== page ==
This study has limitations. First, the single-arm design precludes an assessment of the efficiency of PDUS in comparing treatment groups with different levels of response; such an assessment can be performed only within a randomised clinical trial. Second, the open label design could lead to bias from a positive expectation of response. However, such an expectation would likely affect clinical measurements more strongly than ultrasound, leading to larger clinical improvements compared with ultrasound—a phenomenon not seen in this study. Other factors that might influence the response would influence both measurement modalities, and thus not affect the comparison between clinical and ultrasound response. Furthermore, the sample size of 100 patients, extrapolated from a previous longitudinal study using a similar ultrasound scoring system 16 and the decision to analyse GLOESS in MCPs 2–5 as the primary efficacy outcome (owing to their frequent involvement in RA), may have resulted in suboptimal power. As discussed, the sensitivity of synovitis scores based on greyscale and/or PD signal can be affected by variables relating to the technology used, and by factors such as ambient temperature, transducer pressure26 and patient positioning.27 Clinical characteristics may also be relevant; for example, a low level of inflammation at baseline might make it harder to measure response to treatment. Finally, although several joint sets were compared in this study, the influence of using different joints with more or less PD activity (eg, MCP vs talocrural joint) on GLOESS remains unclear.

This study has identified a new reduced set of nine paired joints to represent the comprehensive 22 paired joint GLOESS. Onset and time course of improvement of this new set was similar to other sets, including previously published reduced joint sets.24 ,25 Of note, we adapted a previously published 7-joint score (which evaluated only the dominant side)25 to a bilateral paired joint set, which may have increased its sensitivity. If confirmed, bilateral evaluation of a reduced joint set could replace a full-body assessment, making such evaluation more suitable for use in routine clinical practice.25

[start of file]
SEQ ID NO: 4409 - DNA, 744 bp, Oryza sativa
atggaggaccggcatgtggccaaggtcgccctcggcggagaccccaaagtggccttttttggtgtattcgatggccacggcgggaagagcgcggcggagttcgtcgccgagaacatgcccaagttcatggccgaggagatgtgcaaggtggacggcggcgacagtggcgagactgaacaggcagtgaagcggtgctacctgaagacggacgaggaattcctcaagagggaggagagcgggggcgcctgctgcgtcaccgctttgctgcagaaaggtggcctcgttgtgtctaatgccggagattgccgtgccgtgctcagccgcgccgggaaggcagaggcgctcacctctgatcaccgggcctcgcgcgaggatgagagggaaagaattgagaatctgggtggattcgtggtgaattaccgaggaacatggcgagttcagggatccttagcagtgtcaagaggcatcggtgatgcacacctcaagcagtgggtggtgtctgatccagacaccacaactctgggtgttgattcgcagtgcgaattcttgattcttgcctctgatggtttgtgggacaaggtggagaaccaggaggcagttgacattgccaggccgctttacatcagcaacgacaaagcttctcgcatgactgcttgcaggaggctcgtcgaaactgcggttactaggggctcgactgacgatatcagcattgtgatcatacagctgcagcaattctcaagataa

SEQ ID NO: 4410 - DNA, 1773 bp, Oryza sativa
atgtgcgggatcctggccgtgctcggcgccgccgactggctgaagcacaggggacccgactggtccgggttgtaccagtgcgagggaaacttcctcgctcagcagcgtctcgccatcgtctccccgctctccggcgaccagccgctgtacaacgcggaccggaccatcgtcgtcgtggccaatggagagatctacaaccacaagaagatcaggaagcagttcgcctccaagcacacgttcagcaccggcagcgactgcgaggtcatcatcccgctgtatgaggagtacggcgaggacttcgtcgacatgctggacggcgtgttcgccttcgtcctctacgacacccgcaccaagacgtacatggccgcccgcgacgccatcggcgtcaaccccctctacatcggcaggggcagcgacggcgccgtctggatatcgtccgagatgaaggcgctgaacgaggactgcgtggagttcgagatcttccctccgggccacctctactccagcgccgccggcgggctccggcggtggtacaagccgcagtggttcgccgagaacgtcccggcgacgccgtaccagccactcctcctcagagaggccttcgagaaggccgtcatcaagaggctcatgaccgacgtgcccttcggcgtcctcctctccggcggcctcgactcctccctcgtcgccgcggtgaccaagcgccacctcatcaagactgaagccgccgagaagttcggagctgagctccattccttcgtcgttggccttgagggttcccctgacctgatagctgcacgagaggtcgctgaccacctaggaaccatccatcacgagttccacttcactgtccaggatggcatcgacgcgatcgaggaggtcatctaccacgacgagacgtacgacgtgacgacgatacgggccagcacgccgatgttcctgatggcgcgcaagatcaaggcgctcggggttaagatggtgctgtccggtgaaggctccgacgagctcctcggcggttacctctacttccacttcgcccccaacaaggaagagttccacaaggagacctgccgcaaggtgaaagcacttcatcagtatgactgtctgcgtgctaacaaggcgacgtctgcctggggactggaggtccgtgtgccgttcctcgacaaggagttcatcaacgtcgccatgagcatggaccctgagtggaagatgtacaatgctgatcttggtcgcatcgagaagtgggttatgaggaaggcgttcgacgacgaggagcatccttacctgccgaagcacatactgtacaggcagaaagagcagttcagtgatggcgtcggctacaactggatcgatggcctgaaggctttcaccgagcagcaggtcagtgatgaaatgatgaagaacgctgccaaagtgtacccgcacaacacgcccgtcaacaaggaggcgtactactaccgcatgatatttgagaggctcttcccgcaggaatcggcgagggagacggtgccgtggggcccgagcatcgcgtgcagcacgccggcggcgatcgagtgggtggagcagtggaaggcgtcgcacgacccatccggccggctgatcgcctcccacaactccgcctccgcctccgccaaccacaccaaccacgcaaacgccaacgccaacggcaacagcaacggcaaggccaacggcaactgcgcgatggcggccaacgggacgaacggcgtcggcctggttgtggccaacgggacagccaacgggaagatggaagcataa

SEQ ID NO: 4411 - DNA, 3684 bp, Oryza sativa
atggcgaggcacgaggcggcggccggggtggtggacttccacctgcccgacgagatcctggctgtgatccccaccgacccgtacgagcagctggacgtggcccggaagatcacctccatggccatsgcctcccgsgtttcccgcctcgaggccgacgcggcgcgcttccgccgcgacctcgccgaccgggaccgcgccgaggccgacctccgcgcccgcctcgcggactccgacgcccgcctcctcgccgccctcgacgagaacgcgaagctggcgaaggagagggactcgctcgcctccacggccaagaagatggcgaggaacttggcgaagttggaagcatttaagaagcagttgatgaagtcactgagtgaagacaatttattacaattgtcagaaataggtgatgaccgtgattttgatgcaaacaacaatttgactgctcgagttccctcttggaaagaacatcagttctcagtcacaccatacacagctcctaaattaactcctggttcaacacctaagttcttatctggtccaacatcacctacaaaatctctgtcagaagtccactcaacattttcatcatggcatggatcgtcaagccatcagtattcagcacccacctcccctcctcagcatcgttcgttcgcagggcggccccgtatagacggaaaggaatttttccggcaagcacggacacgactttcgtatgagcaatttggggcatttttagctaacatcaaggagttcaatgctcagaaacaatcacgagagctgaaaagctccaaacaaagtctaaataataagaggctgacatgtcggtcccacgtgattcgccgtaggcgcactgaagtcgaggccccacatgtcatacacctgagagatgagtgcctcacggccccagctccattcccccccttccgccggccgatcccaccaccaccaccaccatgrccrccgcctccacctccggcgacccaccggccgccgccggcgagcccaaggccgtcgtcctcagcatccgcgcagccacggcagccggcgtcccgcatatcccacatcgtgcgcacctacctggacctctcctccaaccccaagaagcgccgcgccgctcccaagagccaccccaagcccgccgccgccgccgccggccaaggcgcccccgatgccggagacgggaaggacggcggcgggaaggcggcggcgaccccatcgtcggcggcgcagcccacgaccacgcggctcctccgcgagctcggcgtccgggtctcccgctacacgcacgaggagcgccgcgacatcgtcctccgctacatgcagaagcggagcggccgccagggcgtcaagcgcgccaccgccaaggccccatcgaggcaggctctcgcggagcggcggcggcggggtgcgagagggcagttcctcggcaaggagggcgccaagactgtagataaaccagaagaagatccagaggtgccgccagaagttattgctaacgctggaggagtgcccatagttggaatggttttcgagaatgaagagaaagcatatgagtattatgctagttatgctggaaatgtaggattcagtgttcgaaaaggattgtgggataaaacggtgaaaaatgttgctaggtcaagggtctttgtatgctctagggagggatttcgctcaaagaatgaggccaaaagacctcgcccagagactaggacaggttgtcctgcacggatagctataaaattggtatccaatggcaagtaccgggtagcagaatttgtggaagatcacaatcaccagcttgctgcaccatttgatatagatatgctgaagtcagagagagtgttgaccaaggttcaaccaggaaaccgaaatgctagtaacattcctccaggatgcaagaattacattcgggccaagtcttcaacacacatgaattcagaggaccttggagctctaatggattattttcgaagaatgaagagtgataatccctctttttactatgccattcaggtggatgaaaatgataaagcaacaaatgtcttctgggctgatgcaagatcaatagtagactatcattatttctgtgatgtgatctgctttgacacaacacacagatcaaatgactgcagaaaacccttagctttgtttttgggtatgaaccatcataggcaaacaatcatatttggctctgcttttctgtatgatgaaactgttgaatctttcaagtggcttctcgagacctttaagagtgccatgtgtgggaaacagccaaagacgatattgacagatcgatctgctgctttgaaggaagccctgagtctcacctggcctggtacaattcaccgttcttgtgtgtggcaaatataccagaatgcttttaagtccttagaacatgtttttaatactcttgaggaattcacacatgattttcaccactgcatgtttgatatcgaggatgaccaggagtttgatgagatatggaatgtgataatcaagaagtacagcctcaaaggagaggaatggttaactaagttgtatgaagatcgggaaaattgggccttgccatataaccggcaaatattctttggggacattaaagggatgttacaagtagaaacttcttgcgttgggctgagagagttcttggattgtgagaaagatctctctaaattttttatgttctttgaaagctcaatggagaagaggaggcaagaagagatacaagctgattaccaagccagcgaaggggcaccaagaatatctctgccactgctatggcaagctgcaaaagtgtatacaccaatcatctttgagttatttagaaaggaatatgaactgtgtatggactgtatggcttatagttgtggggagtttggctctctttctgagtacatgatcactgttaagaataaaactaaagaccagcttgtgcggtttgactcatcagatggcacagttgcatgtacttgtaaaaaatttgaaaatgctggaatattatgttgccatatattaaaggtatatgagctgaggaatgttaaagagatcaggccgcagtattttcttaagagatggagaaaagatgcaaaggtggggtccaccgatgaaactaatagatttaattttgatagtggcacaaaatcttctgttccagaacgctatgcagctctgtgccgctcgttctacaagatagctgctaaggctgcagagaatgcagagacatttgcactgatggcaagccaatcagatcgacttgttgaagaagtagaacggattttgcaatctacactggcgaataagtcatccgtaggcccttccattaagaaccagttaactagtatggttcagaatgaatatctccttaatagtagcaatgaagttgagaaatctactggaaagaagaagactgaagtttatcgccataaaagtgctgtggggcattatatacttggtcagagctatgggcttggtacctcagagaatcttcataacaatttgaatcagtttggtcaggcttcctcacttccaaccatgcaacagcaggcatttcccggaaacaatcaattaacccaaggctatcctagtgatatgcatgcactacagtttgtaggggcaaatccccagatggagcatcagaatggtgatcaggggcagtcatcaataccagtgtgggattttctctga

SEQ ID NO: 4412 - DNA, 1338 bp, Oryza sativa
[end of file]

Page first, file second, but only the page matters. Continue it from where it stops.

The early onset of response to treatment with abatacept (1 week) in biologic-naïve patients with RA is in agreement with findings from the ASSET (IM101-119: Impact of intravenous Abatacept on Synovitis, osteitis and Structural damage in patients with rheumatoid arthritis and an inadequate response to mEthotrexate: a randomized controlled Trial) and AMPLE (IM101-235: Abatacept versus adaliMumab comParison in bioLogic-naïvE rheumatoid arthritis (RA) subjects with background methotrexate) studies.28 ,29 The safety profile is consistent with the long-term profile demonstrated for the pooled intravenous abatacept clinical trial experience,30 and no new safety signals were identified.

In conclusion, this study documents the responsiveness of the OMERACT–EULAR composite PDUS score in biologic-naïve patients with RA starting abatacept, with changes detectable as early as week 1. A newly proposed nine-paired joint set worked as well as a 22-paired joint set for monitoring disease. An accompanying article explores these data further, by investigating if the composite PDUS score can be used to predict clinical response in this patient population, and if it can differentiate between early and late clinical responders. Further work is also required to test the PDUS scoring system and proposed joint count in other RA cohorts.

Acknowledgments

The authors would like to thank the OMERACT–EULAR-US Task Force and principal investigators of the APPRAISE study. APPRAISE principal investigators: Silvano Adami, Vivi Bakkenheim, HBH, Stefano Bombardieri, M-AD’A, Paul Emery, Liana Euller-Ziegler, Gianfranco Ferraccioli, Maurizio Galeazzi, Philippe Gaudin, Walter Grassi, AI, Herbert Kellner, Thierry Lequerré, IM, EN, MØ, Fredeswinda Romero, Istvan Szombati, Lene Terslev, Jacqueline Uson, Esther Vicente, OV and RJW. The authors also thank Wendy Kerselaers, Harry Goyvaerts and Nathalie Schmidely from Bristol-Myers Squibb, Coralie Poncet from DOCS International and Christel Perrone from the CRO ICON for their contribution to the design, analysis and conduct of the study. Professional medical writing and editorial assistance was provided by Laura McDonagh, PhD, at Caudex and was funded by Bristol-Myers Squibb.